My own mother does not shop at fancy department stores. This is partly my fault. Years ago I bought her an outfit from a fancy department store for her birthday, and when she tried to exchange it for size, they gave her a hard time because she didn’t have a receipt.
In fact, the salesperson reduced my mother to tears. I got in my car and drove forty minutes to rescue her, waving my credit card bill and demanding an apology—which she received—but my mother never stepped into a fancy store again. My mother, who is firmly middle-class, prefers to shop at the sort of place where you can buy three shirts for ten dollars. If I told my mother how much this jacket costs, she would have me committed.
I wonder how old my mother was when she decided she never deserved another nice thing? If I were to peer inside her closet right now, I can guarantee every item was bought on sale, at a discount store, with an additional 20% off coupon—unless it’s a gift, either from me or from one of her daughters-in-law, in which case it is never worn, because it is being saved for some imaginary future special event.
When my mother was my age, my father passed away. She was completely shattered, and it fell to me to dig through her closet for a dress she could wear to the funeral of her high school sweetheart, to whom she had been married for over thirty years. There was nothing. My mother didn’t own a single decent black or grey or navy dress. I’m no clotheshorse, but if I were required to dress appropriately for a funeral later this afternoon, I could pull something together.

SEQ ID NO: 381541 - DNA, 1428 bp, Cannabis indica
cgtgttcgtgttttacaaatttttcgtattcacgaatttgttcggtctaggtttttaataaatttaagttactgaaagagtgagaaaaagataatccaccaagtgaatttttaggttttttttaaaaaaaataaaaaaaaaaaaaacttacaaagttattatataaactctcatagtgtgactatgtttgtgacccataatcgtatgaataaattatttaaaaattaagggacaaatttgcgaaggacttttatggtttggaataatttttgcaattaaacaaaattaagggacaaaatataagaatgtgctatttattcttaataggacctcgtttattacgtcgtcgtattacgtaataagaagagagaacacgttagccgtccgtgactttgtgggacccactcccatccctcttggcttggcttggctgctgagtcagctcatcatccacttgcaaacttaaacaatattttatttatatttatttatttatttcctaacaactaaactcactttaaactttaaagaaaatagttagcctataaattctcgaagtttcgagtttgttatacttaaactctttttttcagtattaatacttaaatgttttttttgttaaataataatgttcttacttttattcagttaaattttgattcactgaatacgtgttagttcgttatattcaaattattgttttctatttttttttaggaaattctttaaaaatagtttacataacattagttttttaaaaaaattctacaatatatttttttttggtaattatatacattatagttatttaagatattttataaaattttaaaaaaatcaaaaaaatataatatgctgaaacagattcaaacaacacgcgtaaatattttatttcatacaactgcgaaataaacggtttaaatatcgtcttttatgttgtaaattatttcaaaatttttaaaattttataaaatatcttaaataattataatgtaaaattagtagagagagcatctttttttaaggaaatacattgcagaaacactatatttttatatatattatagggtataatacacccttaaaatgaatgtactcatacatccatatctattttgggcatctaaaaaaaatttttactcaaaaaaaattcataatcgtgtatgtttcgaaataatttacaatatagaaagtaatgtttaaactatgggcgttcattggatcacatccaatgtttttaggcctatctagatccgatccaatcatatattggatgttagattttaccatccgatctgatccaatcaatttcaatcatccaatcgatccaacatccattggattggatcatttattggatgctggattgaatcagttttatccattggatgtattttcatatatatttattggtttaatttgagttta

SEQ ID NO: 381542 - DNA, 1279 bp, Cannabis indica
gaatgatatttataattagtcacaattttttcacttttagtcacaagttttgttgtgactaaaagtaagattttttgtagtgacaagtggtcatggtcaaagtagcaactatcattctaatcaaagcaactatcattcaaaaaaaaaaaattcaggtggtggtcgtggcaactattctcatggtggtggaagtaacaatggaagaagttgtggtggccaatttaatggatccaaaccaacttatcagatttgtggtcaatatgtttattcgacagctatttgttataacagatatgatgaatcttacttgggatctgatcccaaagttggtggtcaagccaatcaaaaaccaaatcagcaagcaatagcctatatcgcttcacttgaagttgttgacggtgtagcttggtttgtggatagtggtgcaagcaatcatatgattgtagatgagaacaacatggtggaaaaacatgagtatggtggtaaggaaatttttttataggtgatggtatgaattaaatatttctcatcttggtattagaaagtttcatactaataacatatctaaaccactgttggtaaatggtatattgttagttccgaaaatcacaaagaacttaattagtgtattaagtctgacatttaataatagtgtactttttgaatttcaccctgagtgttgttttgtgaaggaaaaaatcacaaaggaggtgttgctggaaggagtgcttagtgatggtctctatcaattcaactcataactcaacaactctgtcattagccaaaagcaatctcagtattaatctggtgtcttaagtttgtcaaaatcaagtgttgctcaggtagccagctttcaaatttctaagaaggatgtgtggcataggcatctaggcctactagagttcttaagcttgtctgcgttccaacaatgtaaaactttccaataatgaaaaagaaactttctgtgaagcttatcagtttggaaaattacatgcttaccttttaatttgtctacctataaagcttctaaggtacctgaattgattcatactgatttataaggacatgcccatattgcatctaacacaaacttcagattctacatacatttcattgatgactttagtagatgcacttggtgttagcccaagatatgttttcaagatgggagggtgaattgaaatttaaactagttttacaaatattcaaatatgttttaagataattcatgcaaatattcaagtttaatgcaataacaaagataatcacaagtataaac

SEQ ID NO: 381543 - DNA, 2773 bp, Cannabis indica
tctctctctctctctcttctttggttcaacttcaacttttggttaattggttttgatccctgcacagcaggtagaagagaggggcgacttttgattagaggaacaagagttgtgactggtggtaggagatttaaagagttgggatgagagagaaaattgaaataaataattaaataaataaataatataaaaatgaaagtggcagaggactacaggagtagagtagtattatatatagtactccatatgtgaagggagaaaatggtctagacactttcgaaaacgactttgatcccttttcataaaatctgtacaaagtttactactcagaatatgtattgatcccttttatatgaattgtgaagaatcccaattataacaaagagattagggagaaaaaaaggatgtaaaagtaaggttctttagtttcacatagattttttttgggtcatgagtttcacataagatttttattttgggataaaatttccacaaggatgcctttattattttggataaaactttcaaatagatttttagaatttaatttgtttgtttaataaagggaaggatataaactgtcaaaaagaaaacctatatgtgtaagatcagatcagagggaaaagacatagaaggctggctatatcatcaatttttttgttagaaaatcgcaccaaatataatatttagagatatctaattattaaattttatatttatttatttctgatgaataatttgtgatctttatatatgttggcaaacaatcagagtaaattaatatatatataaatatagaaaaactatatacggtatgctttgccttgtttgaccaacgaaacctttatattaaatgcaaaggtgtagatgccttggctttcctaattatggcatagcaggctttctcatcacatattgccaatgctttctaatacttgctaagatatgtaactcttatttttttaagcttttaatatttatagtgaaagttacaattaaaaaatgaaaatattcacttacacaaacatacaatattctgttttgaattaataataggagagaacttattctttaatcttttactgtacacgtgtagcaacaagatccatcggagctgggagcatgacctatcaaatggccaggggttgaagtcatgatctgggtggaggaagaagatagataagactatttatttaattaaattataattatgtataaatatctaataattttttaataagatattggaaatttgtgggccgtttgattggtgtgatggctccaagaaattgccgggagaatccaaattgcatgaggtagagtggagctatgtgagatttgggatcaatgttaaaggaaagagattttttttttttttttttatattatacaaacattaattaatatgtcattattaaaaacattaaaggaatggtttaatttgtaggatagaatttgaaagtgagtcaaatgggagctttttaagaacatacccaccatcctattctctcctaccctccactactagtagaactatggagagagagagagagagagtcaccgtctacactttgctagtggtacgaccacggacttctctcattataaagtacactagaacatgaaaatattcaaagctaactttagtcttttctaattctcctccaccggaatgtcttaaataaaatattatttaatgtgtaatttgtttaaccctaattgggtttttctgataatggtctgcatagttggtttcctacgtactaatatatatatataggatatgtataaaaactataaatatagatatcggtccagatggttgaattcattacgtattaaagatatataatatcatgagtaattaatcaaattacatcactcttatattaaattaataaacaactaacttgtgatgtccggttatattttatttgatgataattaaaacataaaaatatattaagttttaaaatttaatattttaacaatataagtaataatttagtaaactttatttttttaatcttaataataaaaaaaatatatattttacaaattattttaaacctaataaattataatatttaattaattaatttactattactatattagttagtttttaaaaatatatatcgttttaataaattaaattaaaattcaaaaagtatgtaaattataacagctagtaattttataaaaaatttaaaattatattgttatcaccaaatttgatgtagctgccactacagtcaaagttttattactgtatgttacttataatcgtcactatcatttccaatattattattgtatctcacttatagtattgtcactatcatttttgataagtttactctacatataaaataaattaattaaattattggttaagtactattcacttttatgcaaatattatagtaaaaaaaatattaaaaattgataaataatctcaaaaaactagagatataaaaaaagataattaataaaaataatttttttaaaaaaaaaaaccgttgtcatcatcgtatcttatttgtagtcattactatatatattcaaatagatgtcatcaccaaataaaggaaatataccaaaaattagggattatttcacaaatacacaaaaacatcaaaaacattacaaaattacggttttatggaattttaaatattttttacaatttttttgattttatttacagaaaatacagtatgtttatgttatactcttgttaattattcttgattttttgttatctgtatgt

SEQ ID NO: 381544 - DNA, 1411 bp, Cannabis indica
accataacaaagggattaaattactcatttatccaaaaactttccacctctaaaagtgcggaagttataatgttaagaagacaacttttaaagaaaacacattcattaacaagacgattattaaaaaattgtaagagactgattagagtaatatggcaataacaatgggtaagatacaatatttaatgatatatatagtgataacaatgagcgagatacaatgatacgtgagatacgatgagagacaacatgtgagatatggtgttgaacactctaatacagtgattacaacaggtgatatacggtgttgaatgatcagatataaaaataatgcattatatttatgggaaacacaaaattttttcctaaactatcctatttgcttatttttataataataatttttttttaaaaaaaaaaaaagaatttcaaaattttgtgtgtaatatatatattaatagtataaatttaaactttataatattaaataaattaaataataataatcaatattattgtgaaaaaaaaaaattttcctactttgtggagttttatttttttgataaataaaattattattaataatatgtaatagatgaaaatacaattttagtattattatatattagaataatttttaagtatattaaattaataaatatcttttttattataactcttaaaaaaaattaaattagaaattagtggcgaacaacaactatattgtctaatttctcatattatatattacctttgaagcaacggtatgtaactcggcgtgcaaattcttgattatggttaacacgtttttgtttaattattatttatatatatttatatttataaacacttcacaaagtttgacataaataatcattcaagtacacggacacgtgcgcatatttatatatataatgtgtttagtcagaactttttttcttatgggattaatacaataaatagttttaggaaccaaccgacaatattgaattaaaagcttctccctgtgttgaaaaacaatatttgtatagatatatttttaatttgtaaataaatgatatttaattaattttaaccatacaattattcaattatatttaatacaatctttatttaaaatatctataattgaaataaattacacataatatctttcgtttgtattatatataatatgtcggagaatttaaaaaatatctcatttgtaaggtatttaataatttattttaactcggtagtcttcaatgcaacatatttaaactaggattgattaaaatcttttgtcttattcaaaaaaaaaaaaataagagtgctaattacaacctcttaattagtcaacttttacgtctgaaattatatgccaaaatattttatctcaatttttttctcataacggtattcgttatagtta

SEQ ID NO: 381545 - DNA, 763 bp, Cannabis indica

Taking her shopping was out of the question. She was literally out of her mind with grief. Not raving or tearing her hair. We are quiet people. Instead she took to her bed, her eyes red-rimmed and hollow, gazing vacantly at nothing. I went to the mall alone and spent hours looking for the perfect dress that, like her wedding dress, would only be worn once.
Because what we wear on the outside might not always matter, but sometimes it definitely does. It can be the armor that protects our vulnerable interior when we are at our most fragile.
The dress I chose for my mother was a well-cut black crepe sheath with a white collar. It was simple and lovely and probably more expensive than anything in her closet. I gladly would’ve paid twice the price.
Together, my daughter and I tried on nearly every more reasonably priced leather jacket in the store. Most of them had tons of zippers and hardware and large asymmetrical collars. Most of them, she not so gently pointed out, made me look like an old lesbian biker.